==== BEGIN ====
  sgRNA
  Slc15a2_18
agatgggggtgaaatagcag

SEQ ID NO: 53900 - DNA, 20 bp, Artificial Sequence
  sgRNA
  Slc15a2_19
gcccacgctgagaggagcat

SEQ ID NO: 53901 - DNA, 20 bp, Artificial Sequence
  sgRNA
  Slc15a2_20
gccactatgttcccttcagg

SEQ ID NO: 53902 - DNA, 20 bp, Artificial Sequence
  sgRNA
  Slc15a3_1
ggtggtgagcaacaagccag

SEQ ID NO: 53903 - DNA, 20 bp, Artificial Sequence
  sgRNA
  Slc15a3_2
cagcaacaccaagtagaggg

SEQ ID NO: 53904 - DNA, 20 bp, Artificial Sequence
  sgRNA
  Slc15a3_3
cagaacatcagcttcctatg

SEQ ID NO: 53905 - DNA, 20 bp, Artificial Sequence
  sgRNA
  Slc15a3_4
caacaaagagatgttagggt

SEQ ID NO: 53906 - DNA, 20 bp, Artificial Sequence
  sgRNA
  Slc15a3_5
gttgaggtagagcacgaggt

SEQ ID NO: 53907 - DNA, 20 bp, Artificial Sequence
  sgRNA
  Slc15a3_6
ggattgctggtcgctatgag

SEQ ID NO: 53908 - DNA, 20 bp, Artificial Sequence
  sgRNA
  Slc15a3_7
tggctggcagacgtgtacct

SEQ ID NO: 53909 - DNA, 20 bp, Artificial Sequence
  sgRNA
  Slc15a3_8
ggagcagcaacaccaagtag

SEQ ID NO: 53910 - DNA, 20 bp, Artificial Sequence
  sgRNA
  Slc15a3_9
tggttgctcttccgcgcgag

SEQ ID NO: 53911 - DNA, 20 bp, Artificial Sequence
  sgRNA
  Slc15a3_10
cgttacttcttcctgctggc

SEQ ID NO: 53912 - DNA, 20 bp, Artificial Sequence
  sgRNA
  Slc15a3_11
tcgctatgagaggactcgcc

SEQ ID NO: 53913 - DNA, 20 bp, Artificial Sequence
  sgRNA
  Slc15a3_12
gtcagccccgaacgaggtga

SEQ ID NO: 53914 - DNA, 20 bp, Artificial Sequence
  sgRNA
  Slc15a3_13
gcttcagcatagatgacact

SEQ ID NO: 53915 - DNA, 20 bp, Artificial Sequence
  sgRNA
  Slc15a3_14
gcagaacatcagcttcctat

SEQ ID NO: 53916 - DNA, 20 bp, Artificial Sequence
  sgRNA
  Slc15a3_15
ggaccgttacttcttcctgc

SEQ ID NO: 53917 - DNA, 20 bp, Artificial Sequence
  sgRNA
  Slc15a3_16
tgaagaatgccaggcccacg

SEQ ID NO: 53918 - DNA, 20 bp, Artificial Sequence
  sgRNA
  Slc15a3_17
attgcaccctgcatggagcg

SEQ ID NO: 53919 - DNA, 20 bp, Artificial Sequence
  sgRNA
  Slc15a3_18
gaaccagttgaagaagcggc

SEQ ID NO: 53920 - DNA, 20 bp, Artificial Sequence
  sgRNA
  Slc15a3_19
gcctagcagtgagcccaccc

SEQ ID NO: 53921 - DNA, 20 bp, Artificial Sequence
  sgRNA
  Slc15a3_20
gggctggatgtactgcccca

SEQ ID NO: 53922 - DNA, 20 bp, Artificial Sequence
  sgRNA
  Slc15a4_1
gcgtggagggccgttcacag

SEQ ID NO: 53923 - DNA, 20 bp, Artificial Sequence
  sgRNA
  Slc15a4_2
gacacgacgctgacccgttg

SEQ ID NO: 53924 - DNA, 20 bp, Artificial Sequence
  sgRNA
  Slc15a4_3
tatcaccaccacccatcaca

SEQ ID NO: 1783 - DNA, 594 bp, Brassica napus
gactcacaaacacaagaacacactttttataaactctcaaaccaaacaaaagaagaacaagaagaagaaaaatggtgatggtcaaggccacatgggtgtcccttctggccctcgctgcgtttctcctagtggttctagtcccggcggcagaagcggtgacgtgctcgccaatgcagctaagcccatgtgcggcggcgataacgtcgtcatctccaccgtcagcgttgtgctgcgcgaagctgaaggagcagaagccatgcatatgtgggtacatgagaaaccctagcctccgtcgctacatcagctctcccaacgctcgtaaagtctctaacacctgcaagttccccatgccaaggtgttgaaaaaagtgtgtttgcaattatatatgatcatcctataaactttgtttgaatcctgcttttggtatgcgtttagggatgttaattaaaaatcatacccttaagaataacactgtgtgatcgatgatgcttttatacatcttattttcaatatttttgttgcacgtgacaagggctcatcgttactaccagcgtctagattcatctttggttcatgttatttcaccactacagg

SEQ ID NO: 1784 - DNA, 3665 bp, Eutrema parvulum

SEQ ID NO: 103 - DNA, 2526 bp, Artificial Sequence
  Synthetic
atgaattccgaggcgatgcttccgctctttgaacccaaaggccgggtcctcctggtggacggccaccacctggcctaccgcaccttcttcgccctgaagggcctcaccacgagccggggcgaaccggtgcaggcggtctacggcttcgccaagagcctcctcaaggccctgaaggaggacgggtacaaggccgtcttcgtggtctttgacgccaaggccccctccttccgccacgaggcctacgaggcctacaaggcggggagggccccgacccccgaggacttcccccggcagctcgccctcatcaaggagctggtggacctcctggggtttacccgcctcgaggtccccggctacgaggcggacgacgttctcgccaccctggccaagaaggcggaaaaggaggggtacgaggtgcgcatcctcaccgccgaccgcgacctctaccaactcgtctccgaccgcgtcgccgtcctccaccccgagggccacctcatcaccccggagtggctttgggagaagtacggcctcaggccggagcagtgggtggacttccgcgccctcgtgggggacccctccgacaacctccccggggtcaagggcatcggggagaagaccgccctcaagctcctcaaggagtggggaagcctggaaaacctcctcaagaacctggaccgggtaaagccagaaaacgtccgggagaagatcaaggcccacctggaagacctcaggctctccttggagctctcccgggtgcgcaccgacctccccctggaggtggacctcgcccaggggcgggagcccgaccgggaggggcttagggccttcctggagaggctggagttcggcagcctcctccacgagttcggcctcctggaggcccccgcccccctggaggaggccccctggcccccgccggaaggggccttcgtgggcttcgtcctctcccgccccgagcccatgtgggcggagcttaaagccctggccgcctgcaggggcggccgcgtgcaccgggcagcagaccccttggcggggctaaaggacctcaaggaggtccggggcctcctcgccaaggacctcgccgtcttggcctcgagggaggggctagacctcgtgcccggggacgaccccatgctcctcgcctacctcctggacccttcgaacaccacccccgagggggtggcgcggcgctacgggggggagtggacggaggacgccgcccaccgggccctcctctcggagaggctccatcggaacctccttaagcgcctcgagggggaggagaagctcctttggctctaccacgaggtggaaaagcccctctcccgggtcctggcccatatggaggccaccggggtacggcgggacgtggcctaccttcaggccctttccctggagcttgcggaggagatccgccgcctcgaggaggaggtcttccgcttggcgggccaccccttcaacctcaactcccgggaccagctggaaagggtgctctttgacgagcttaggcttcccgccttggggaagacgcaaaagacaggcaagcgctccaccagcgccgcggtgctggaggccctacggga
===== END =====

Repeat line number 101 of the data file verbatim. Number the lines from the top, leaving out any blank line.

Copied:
  sgRNA